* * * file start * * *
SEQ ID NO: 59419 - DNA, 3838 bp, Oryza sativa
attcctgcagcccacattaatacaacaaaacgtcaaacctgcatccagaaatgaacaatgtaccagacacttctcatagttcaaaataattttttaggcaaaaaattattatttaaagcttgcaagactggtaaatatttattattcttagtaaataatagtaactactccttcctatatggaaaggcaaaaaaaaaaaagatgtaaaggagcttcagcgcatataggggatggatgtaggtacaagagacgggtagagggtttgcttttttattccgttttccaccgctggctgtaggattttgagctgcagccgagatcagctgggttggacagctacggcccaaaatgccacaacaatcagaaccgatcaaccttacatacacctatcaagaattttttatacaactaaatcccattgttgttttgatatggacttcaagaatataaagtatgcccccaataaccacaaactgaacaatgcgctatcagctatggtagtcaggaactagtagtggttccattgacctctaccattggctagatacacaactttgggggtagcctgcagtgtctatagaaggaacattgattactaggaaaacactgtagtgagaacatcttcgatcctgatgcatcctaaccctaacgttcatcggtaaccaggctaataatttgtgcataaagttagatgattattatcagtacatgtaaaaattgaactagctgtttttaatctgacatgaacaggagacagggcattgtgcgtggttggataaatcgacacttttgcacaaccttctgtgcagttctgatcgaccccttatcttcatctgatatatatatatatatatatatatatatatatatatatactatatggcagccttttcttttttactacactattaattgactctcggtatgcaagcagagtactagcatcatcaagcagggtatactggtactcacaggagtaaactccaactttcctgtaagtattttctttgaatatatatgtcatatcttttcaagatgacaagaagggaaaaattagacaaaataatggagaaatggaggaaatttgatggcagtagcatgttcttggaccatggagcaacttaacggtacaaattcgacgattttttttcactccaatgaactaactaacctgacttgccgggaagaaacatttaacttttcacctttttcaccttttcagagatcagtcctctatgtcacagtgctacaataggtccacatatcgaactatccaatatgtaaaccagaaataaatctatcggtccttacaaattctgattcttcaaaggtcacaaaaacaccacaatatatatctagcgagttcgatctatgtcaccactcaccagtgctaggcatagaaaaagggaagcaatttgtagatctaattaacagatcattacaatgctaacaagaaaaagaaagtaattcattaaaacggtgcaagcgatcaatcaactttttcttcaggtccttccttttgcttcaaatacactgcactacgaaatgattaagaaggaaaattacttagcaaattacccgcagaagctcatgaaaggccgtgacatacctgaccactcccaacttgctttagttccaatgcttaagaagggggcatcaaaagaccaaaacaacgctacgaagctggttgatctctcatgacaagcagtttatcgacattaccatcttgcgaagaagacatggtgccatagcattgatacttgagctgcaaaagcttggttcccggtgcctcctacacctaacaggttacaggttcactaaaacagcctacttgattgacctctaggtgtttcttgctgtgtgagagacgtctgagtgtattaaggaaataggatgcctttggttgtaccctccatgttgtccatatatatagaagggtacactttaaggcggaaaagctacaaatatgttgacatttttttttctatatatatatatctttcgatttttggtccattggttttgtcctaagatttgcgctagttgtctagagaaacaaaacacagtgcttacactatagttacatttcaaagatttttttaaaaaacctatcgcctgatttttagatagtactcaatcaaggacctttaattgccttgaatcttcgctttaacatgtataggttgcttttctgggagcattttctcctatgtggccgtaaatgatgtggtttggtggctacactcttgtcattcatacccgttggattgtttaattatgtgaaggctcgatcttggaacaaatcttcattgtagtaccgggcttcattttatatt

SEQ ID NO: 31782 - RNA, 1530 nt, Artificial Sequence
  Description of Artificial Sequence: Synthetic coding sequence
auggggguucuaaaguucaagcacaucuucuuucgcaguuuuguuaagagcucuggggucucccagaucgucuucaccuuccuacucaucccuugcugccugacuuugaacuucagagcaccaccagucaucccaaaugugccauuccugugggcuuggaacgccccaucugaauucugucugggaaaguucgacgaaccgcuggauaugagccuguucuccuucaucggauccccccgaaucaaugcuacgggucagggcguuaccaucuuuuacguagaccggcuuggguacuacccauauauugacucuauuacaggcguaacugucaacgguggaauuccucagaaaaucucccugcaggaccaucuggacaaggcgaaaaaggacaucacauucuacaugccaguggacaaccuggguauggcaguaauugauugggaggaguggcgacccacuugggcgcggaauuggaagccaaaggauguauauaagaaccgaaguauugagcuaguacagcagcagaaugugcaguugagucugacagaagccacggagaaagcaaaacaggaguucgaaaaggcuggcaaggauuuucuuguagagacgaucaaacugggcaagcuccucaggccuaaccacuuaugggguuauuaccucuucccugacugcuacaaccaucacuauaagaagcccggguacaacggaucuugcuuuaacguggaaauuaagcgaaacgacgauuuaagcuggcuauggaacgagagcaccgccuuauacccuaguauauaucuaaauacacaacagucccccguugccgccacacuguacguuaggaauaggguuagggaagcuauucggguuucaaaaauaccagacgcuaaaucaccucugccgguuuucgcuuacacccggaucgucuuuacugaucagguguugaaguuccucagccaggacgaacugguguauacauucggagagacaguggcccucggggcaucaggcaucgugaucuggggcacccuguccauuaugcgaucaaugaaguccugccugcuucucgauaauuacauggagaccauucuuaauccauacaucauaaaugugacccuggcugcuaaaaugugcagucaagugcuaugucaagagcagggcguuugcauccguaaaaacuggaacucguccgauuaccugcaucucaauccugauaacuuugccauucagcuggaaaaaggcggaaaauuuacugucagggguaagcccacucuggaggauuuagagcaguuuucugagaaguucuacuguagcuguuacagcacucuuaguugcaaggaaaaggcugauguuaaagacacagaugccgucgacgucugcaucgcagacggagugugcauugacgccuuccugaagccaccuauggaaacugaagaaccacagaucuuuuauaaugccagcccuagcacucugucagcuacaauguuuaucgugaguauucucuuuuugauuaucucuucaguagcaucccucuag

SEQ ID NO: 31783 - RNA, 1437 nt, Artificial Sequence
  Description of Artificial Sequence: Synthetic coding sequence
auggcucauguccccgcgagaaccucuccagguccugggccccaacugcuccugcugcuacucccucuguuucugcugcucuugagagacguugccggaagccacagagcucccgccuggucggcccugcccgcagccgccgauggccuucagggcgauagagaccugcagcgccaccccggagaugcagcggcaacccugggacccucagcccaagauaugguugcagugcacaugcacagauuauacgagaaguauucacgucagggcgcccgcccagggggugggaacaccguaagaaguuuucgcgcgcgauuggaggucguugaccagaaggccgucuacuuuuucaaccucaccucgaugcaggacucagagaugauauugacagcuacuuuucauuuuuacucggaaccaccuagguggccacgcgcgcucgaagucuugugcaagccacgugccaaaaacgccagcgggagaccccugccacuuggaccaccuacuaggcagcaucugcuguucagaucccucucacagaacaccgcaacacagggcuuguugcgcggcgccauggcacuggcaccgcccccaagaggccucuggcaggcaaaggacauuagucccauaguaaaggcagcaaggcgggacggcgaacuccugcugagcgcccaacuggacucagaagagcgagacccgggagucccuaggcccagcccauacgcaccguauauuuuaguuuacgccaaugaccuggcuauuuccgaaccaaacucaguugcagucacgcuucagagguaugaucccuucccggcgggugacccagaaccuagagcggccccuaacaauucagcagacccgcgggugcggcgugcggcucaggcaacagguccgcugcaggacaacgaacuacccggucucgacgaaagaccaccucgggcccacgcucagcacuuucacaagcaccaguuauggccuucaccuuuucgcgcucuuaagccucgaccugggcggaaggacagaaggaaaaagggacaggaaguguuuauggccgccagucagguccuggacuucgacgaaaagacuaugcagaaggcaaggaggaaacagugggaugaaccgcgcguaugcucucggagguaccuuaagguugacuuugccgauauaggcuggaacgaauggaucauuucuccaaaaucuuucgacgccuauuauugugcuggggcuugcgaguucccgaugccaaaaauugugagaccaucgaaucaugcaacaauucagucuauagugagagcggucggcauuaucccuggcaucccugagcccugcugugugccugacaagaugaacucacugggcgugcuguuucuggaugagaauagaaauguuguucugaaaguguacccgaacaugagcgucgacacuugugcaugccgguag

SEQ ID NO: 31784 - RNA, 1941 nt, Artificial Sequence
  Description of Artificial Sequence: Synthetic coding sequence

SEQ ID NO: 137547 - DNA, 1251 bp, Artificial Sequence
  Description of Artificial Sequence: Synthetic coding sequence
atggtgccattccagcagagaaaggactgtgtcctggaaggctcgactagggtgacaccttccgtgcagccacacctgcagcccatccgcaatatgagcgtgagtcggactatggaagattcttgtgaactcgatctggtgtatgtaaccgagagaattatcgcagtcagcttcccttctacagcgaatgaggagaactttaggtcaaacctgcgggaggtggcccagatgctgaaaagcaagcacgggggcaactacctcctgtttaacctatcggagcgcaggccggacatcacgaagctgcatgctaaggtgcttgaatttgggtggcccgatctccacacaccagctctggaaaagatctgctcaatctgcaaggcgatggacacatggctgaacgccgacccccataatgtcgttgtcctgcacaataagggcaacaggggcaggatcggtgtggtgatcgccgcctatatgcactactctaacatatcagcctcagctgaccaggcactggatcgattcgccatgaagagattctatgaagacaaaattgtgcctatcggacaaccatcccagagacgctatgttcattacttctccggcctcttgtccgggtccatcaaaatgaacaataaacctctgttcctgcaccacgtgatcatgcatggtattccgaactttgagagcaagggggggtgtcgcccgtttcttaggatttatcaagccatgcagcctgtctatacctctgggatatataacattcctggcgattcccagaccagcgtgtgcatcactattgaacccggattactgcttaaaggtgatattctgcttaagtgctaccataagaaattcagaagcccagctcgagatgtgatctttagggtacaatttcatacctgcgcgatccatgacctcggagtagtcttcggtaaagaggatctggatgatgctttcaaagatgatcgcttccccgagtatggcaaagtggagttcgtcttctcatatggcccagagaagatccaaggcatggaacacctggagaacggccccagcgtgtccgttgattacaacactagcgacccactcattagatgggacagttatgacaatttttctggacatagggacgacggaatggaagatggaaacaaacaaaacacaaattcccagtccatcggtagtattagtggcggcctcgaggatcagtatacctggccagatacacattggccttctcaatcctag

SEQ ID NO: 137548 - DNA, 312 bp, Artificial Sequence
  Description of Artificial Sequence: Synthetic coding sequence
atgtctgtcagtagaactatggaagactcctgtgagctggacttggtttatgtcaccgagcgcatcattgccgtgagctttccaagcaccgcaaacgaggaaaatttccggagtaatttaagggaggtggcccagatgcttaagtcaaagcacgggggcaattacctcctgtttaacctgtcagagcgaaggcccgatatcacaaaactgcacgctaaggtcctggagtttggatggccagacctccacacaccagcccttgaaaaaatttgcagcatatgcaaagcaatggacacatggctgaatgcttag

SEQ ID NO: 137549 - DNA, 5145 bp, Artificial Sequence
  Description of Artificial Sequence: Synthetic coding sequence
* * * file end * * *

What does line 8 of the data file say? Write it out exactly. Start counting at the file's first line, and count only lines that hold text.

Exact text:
auggcucauguccccgcgagaaccucuccagguccugggccccaacugcuccugcugcuacucccucuguuucugcugcucuugagagacguugccggaagccacagagcucccgccuggucggcccugcccgcagccgccgauggccuucagggcgauagagaccugcagcgccaccccggagaugcagcggcaacccugggacccucagcccaagauaugguugcagugcacaugcacagauuauacgagaaguauucacgucagggcgcccgcccagggggugggaacaccguaagaaguuuucgcgcgcgauuggaggucguugaccagaaggccgucuacuuuuucaaccucaccucgaugcaggacucagagaugauauugacagcuacuuuucauuuuuacucggaaccaccuagguggccacgcgcgcucgaagucuugugcaagccacgugccaaaaacgccagcgggagaccccugccacuuggaccaccuacuaggcagcaucugcuguucagaucccucucacagaacaccgcaacacagggcuuguugcgcggcgccauggcacuggcaccgcccccaagaggccucuggcaggcaaaggacauuagucccauaguaaaggcagcaaggcgggacggcgaacuccugcugagcgcccaacuggacucagaagagcgagacccgggagucccuaggcccagcccauacgcaccguauauuuuaguuuacgccaaugaccuggcuauuuccgaaccaaacucaguugcagucacgcuucagagguaugaucccuucccggcgggugacccagaaccuagagcggccccuaacaauucagcagacccgcgggugcggcgugcggcucaggcaacagguccgcugcaggacaacgaacuacccggucucgacgaaagaccaccucgggcccacgcucagcacuuucacaagcaccaguuauggccuucaccuuuucgcgcucuuaagccucgaccugggcggaaggacagaaggaaaaagggacaggaaguguuuauggccgccagucagguccuggacuucgacgaaaagacuaugcagaaggcaaggaggaaacagugggaugaaccgcgcguaugcucucggagguaccuuaagguugacuuugccgauauaggcuggaacgaauggaucauuucuccaaaaucuuucgacgccuauuauugugcuggggcuugcgaguucccgaugccaaaaauugugagaccaucgaaucaugcaacaauucagucuauagugagagcggucggcauuaucccuggcaucccugagcccugcugugugccugacaagaugaacucacugggcgugcuguuucuggaugagaauagaaauguuguucugaaaguguacccgaacaugagcgucgacacuugugcaugccgguag